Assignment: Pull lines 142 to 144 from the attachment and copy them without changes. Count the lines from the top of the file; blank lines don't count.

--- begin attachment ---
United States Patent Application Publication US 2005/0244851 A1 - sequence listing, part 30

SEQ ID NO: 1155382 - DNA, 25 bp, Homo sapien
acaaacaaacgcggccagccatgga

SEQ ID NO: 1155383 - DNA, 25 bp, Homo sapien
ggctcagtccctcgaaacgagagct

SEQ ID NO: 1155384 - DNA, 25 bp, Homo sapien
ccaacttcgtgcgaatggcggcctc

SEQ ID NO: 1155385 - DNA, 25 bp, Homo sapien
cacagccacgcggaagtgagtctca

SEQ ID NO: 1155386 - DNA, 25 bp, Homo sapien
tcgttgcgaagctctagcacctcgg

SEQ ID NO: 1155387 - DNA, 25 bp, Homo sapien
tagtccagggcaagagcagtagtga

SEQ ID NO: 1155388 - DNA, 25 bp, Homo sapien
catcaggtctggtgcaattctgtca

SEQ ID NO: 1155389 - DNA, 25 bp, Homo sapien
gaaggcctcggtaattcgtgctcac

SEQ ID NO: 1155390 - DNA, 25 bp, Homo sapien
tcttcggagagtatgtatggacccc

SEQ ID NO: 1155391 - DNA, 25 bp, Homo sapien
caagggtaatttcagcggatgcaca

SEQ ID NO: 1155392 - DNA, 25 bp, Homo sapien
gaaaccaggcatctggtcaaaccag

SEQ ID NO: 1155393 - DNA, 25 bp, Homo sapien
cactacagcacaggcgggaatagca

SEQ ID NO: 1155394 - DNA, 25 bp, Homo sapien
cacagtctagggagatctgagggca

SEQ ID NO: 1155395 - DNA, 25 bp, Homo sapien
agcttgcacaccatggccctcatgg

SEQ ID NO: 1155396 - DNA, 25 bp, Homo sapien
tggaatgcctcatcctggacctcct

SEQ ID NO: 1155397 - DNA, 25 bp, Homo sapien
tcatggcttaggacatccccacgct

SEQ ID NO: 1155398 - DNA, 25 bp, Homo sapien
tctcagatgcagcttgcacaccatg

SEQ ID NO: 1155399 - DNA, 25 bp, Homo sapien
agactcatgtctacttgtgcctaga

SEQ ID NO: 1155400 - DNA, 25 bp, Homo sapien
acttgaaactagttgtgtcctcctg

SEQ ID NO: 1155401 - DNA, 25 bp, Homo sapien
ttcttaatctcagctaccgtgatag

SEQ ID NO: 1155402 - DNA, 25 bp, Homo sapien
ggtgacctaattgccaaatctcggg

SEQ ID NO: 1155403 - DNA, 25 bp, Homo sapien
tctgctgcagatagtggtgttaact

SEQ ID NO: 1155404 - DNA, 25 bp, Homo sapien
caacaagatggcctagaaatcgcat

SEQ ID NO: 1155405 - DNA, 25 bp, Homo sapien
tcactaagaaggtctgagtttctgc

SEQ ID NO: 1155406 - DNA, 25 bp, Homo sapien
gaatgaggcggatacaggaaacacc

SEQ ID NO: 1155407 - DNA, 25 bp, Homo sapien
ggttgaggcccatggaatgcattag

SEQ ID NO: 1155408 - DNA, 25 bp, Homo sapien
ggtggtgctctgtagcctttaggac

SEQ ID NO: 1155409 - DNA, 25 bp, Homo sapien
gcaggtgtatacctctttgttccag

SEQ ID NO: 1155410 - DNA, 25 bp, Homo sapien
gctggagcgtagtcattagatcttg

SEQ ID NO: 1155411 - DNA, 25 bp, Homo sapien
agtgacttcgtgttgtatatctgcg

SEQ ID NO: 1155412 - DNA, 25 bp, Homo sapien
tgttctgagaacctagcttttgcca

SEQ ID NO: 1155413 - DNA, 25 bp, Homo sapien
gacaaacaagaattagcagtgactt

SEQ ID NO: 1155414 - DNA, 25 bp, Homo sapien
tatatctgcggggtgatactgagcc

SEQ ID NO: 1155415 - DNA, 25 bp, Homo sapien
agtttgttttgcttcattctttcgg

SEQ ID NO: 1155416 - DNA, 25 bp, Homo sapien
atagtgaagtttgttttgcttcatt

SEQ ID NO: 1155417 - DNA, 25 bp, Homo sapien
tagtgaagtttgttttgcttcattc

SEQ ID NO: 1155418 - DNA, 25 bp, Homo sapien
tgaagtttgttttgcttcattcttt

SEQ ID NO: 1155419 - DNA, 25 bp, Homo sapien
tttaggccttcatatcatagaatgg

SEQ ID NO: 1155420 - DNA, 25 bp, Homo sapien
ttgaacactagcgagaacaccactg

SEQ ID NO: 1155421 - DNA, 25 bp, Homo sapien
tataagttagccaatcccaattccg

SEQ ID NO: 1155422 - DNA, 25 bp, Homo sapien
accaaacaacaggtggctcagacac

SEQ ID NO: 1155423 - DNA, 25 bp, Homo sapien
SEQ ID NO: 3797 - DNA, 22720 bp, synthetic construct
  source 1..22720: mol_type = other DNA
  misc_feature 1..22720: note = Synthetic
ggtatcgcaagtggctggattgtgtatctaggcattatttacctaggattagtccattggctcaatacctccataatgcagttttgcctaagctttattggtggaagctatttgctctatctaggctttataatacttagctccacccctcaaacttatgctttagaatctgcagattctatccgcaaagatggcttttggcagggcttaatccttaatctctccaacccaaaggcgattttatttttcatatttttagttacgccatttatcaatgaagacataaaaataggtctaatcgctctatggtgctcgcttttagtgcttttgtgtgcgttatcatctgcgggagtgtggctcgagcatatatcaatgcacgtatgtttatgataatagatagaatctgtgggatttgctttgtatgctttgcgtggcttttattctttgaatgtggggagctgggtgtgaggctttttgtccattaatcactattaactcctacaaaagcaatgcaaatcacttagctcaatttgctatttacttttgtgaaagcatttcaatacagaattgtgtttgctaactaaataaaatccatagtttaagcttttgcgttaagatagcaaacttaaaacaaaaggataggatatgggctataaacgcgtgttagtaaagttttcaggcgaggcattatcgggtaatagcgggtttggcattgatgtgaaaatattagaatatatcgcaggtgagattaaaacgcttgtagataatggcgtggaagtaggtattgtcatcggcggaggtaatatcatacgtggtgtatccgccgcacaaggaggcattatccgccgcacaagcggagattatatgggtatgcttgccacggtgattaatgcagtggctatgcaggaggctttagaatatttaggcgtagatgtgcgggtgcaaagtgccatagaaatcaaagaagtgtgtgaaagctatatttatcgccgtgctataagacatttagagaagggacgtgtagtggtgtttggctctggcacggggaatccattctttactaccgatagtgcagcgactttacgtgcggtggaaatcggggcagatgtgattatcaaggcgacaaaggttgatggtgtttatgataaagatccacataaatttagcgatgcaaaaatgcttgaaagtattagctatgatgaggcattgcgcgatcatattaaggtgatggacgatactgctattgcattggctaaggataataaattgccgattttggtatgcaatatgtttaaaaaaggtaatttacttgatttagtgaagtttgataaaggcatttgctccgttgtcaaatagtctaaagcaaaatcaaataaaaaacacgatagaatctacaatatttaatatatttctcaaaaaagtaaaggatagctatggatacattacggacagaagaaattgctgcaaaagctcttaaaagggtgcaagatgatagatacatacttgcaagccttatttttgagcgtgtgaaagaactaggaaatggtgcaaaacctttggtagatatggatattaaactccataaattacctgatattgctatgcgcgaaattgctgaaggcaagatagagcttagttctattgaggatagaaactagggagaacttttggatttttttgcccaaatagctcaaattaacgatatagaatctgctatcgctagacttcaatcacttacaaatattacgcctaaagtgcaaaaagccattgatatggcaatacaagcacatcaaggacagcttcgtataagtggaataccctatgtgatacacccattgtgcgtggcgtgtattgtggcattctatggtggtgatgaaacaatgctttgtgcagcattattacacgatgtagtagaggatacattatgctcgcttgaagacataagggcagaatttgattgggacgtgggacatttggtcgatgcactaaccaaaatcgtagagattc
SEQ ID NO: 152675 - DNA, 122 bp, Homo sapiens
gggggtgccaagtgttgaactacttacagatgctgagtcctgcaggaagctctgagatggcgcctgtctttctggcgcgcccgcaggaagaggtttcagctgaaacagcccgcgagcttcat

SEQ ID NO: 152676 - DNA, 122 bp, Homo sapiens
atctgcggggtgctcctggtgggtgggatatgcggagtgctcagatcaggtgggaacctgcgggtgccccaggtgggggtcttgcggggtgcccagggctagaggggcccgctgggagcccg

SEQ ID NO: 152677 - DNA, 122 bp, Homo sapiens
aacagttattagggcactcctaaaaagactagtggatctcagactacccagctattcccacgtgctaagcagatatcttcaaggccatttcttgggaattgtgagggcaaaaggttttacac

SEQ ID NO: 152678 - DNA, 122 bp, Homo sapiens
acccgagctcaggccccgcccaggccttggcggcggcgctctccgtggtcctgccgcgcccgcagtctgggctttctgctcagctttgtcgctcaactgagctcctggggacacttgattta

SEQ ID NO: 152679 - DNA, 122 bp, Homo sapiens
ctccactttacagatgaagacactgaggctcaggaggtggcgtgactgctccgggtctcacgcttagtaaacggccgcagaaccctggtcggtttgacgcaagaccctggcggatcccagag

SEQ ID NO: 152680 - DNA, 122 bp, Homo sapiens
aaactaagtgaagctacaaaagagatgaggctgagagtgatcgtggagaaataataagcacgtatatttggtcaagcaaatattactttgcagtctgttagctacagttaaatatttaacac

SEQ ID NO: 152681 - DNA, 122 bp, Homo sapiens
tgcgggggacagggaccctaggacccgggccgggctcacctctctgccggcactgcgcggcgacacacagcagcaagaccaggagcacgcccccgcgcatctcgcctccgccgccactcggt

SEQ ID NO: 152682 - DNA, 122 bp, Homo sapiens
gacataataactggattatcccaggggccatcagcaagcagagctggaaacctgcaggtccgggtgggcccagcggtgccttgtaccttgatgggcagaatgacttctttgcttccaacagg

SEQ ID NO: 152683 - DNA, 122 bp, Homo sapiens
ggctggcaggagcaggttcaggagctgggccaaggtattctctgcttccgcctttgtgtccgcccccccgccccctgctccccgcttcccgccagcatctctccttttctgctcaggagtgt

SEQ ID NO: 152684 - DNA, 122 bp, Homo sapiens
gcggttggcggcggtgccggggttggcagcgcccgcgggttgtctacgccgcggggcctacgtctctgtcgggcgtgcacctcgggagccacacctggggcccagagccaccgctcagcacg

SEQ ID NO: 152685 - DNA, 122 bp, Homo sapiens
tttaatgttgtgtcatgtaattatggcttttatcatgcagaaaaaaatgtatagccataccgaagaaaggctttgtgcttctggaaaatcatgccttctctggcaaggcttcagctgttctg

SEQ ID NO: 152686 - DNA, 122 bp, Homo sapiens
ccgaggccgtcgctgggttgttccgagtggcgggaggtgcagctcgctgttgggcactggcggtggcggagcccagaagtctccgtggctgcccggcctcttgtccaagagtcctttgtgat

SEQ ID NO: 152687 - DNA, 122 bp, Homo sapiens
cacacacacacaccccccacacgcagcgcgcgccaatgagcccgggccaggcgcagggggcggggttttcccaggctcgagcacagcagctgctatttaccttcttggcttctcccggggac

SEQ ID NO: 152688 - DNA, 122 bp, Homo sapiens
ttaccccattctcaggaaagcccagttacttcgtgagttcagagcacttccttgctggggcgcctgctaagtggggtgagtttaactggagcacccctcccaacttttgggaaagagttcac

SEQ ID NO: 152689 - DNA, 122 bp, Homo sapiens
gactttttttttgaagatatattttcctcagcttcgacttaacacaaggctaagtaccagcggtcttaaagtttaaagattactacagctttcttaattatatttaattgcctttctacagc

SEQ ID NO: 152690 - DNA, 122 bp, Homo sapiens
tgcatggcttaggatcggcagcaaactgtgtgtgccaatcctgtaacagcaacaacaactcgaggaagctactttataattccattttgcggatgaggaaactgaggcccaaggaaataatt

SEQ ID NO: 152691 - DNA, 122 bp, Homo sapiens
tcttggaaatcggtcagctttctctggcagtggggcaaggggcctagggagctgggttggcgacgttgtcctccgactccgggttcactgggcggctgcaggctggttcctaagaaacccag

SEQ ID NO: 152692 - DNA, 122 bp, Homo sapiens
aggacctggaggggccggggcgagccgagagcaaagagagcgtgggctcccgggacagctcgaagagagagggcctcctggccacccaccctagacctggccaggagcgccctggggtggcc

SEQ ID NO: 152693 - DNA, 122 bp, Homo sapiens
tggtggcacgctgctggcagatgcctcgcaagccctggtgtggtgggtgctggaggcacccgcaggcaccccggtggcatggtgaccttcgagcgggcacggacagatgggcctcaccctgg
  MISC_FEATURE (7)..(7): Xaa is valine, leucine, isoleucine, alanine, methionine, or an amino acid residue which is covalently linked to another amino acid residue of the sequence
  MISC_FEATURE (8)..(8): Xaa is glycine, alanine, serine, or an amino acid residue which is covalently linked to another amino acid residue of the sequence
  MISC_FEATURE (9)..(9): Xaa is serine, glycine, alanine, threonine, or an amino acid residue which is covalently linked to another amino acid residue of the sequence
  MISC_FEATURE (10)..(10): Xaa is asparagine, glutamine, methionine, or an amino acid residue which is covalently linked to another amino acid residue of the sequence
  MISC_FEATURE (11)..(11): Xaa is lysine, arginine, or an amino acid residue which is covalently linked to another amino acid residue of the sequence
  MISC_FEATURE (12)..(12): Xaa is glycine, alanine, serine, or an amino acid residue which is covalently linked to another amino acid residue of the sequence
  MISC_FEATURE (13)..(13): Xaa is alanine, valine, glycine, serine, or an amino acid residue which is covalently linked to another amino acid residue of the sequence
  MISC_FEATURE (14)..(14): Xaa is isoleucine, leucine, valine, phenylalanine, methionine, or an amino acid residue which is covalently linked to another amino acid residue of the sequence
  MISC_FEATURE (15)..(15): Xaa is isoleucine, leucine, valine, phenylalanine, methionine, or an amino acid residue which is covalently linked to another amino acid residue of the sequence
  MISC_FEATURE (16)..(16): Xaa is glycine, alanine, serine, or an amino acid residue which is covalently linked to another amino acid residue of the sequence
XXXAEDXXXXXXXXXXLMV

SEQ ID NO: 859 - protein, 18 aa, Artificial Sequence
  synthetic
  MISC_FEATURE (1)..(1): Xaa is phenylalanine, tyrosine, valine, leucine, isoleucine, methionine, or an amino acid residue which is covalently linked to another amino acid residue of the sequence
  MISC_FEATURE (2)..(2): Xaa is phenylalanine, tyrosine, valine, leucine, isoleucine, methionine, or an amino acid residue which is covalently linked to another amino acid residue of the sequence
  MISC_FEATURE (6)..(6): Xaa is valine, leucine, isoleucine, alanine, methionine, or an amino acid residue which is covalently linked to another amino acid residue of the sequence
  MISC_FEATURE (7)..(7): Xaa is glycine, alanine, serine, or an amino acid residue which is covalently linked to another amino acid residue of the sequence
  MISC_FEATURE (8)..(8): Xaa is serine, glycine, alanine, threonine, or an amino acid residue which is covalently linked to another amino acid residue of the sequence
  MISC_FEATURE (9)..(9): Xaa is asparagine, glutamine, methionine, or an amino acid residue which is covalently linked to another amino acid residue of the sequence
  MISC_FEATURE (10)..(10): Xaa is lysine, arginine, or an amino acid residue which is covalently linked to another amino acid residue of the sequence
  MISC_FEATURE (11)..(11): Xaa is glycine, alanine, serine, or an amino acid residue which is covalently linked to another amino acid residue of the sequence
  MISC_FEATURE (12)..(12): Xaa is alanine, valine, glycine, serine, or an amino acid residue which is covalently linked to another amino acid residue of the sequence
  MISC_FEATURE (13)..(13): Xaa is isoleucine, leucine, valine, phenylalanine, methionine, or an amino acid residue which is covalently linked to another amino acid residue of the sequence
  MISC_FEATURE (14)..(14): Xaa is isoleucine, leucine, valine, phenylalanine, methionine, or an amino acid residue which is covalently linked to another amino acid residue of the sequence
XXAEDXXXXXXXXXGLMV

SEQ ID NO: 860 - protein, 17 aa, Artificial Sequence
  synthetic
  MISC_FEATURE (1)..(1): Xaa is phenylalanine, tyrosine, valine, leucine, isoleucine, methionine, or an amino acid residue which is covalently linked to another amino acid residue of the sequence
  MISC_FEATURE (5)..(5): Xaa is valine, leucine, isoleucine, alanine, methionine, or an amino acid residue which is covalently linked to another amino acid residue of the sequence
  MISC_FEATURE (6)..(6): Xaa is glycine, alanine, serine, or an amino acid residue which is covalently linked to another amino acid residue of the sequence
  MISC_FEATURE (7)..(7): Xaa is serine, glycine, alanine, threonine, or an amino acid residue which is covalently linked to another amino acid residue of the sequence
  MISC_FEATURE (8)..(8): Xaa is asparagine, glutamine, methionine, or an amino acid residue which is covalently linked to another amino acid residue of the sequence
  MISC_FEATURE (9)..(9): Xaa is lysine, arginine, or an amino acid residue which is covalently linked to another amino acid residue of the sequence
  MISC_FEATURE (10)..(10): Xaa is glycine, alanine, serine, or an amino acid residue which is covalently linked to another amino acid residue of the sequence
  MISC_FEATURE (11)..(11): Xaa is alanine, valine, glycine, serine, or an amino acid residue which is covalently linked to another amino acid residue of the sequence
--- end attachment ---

  MISC_FEATURE (6)..(6): Xaa is valine, leucine, isoleucine, alanine, methionine, or an amino acid residue which is covalently linked to another amino acid residue of the sequence
  MISC_FEATURE (7)..(7): Xaa is glycine, alanine, serine, or an amino acid residue which is covalently linked to another amino acid residue of the sequence
  MISC_FEATURE (8)..(8): Xaa is serine, glycine, alanine, threonine, or an amino acid residue which is covalently linked to another amino acid residue of the sequence